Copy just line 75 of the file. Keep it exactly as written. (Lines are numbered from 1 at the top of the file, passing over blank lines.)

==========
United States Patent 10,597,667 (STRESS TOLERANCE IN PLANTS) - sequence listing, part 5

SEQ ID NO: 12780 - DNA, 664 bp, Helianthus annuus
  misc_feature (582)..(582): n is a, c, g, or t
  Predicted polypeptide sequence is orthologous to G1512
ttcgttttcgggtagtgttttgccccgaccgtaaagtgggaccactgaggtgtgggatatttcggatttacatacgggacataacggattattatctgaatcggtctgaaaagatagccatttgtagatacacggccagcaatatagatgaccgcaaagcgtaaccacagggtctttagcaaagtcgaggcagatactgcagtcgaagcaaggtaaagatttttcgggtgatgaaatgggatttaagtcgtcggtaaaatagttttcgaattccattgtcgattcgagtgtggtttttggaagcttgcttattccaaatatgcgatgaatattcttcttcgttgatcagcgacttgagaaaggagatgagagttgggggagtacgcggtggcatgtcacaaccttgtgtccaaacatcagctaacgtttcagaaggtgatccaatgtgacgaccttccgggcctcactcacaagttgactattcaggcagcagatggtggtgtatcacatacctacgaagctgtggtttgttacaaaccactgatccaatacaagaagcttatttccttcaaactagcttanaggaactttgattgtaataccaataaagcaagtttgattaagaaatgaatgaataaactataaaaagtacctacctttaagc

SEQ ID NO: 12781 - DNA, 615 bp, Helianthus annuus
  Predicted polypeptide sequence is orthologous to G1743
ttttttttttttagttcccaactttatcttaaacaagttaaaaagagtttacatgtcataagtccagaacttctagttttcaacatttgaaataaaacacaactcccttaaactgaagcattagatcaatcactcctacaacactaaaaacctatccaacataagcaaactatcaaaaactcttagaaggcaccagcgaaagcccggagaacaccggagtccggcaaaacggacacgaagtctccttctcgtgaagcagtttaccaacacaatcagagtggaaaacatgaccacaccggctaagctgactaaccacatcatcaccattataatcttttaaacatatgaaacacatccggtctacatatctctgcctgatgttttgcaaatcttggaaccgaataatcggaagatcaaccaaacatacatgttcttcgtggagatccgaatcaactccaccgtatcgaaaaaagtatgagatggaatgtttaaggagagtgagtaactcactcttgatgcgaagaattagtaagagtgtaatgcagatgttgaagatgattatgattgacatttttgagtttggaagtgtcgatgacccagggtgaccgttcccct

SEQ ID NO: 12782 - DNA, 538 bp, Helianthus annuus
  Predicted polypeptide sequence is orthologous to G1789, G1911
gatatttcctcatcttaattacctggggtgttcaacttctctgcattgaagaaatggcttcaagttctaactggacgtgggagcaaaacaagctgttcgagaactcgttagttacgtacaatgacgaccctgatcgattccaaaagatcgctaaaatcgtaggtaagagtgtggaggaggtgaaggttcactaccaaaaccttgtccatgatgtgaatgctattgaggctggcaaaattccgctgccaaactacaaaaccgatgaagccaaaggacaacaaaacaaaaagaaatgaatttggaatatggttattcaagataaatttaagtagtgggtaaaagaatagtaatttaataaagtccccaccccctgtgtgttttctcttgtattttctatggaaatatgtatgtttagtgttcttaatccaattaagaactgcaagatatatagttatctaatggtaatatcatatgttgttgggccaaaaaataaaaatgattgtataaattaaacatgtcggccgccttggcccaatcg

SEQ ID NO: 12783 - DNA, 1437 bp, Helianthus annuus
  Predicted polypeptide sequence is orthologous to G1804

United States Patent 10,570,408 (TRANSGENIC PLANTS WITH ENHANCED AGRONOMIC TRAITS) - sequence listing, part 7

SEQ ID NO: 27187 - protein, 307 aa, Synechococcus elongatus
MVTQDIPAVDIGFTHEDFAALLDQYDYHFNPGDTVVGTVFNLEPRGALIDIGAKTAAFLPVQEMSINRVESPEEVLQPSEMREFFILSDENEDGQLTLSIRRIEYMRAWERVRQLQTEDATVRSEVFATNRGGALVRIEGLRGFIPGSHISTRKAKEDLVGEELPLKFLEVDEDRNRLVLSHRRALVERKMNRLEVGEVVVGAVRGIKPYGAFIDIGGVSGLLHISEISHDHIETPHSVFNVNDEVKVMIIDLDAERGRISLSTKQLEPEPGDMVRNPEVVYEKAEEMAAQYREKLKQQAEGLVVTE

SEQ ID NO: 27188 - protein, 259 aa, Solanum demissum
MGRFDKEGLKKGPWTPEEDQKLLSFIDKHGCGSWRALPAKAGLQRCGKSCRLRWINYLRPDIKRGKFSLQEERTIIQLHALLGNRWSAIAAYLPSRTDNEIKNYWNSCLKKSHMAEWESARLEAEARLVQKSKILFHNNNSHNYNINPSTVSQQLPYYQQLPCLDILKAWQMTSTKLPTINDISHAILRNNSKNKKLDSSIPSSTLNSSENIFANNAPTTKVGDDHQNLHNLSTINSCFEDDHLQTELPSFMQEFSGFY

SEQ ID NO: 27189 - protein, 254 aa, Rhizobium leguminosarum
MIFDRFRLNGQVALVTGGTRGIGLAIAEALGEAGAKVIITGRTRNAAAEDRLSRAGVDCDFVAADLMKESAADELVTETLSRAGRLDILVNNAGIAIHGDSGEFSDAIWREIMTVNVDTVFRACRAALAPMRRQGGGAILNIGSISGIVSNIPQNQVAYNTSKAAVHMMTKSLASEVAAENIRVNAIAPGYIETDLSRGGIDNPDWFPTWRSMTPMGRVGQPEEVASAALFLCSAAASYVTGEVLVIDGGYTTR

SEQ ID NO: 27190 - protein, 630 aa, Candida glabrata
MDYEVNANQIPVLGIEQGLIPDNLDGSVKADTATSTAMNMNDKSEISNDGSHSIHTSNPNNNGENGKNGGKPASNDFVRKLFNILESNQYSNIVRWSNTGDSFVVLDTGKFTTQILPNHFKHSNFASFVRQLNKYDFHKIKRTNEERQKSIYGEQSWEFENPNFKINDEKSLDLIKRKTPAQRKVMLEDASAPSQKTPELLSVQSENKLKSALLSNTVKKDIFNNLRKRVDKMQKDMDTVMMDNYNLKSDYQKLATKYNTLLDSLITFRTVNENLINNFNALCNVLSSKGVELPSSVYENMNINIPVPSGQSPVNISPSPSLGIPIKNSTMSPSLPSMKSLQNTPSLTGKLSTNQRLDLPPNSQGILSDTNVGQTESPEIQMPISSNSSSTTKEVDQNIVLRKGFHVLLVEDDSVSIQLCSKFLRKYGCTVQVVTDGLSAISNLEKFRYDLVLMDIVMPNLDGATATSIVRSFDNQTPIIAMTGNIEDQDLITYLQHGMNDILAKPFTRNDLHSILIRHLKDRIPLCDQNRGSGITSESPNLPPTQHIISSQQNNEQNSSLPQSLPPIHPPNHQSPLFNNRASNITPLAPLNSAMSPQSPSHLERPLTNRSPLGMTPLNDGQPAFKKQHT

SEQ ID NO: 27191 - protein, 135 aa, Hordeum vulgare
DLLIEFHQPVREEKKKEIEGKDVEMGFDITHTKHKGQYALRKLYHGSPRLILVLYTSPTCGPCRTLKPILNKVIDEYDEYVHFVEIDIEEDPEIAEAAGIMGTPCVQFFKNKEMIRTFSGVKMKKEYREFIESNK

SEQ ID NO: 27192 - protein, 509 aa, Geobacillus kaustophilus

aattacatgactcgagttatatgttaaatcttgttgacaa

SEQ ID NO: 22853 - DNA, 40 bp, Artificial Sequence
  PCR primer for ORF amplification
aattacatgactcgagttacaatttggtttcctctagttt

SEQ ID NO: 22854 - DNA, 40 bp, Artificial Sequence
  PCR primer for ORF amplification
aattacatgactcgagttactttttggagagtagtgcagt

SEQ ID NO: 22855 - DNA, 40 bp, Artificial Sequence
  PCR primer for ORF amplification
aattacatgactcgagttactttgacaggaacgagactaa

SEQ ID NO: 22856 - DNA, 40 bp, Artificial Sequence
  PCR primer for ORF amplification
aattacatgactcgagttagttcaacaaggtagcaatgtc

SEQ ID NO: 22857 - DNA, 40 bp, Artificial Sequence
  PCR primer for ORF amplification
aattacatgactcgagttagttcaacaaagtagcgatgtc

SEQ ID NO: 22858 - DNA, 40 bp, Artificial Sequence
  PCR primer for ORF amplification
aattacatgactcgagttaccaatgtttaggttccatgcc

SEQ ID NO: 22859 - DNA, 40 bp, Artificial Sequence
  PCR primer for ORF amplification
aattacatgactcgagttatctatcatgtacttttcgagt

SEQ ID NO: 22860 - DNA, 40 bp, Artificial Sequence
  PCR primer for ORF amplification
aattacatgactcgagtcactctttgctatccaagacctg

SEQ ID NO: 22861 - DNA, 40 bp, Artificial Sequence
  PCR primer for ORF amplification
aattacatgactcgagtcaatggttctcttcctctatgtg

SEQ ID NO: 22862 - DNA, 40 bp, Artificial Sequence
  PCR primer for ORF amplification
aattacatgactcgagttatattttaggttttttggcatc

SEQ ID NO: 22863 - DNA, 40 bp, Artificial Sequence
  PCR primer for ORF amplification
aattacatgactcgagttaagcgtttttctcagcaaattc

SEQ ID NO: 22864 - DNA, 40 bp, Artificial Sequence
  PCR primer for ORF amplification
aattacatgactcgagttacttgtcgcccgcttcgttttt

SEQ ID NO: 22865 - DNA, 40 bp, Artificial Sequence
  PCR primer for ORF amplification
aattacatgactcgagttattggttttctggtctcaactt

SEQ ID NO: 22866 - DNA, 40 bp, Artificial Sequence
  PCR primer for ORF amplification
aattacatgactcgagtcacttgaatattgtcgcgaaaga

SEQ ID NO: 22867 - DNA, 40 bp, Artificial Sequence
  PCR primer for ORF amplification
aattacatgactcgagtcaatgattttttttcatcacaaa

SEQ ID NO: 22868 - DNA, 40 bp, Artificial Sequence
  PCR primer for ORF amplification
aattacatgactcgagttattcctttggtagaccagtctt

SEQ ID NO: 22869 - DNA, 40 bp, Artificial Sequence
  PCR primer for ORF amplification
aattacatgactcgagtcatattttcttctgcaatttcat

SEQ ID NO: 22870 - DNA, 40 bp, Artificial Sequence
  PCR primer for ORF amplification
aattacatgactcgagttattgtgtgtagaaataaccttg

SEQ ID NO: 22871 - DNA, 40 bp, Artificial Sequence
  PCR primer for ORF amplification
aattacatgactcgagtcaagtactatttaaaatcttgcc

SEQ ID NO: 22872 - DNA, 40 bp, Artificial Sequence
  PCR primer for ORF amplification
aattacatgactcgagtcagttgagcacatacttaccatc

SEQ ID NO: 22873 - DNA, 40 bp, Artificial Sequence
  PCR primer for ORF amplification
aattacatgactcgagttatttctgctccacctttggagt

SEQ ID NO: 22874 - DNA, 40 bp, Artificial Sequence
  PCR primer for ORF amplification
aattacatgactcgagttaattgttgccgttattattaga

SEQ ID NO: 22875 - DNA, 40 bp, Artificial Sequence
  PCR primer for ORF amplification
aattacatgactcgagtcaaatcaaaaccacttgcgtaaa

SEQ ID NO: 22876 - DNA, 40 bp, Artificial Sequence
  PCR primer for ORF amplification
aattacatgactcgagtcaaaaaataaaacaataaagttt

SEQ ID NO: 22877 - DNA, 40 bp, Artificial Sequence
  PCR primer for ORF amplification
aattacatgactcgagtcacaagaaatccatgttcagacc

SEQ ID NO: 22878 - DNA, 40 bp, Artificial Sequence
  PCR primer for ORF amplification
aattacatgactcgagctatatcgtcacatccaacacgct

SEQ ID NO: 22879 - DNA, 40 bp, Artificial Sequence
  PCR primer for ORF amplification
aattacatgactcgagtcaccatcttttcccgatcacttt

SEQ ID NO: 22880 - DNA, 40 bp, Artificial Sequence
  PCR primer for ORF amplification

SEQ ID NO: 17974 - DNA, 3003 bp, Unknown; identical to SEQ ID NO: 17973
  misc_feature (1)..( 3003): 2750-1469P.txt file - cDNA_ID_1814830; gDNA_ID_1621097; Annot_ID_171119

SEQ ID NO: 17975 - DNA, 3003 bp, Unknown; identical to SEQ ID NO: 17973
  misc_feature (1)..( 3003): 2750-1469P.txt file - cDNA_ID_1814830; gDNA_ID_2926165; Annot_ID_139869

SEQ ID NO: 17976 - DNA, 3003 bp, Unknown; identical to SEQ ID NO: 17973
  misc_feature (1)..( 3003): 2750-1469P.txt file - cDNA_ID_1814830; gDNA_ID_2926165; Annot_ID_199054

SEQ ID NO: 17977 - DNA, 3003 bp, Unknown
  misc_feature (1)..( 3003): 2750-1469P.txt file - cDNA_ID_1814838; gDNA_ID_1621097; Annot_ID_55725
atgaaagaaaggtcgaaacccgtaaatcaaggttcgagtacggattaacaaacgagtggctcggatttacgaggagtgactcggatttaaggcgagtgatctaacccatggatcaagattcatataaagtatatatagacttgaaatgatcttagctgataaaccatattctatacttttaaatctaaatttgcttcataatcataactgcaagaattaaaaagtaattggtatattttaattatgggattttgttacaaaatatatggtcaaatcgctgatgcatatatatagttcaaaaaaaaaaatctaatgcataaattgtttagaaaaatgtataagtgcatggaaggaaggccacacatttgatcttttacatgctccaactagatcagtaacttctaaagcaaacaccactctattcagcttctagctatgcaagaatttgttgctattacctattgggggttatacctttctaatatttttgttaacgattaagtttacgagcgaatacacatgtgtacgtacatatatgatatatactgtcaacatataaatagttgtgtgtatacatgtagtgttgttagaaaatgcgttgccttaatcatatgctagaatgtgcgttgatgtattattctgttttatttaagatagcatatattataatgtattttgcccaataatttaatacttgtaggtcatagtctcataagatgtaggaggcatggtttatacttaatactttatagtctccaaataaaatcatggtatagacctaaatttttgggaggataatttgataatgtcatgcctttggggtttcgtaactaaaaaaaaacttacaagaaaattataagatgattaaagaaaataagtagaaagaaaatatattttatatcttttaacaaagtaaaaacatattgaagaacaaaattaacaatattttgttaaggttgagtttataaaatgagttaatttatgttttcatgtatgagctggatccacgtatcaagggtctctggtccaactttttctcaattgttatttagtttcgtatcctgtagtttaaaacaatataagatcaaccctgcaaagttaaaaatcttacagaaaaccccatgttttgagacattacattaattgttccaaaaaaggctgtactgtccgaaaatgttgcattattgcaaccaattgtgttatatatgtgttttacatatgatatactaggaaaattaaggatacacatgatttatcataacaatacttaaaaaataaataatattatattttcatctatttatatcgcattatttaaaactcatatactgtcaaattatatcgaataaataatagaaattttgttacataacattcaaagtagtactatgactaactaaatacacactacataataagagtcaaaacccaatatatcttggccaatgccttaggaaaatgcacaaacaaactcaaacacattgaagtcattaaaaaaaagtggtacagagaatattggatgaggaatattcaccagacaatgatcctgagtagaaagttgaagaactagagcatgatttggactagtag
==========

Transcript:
SEQ ID NO: 22869 - DNA, 40 bp, Artificial Sequence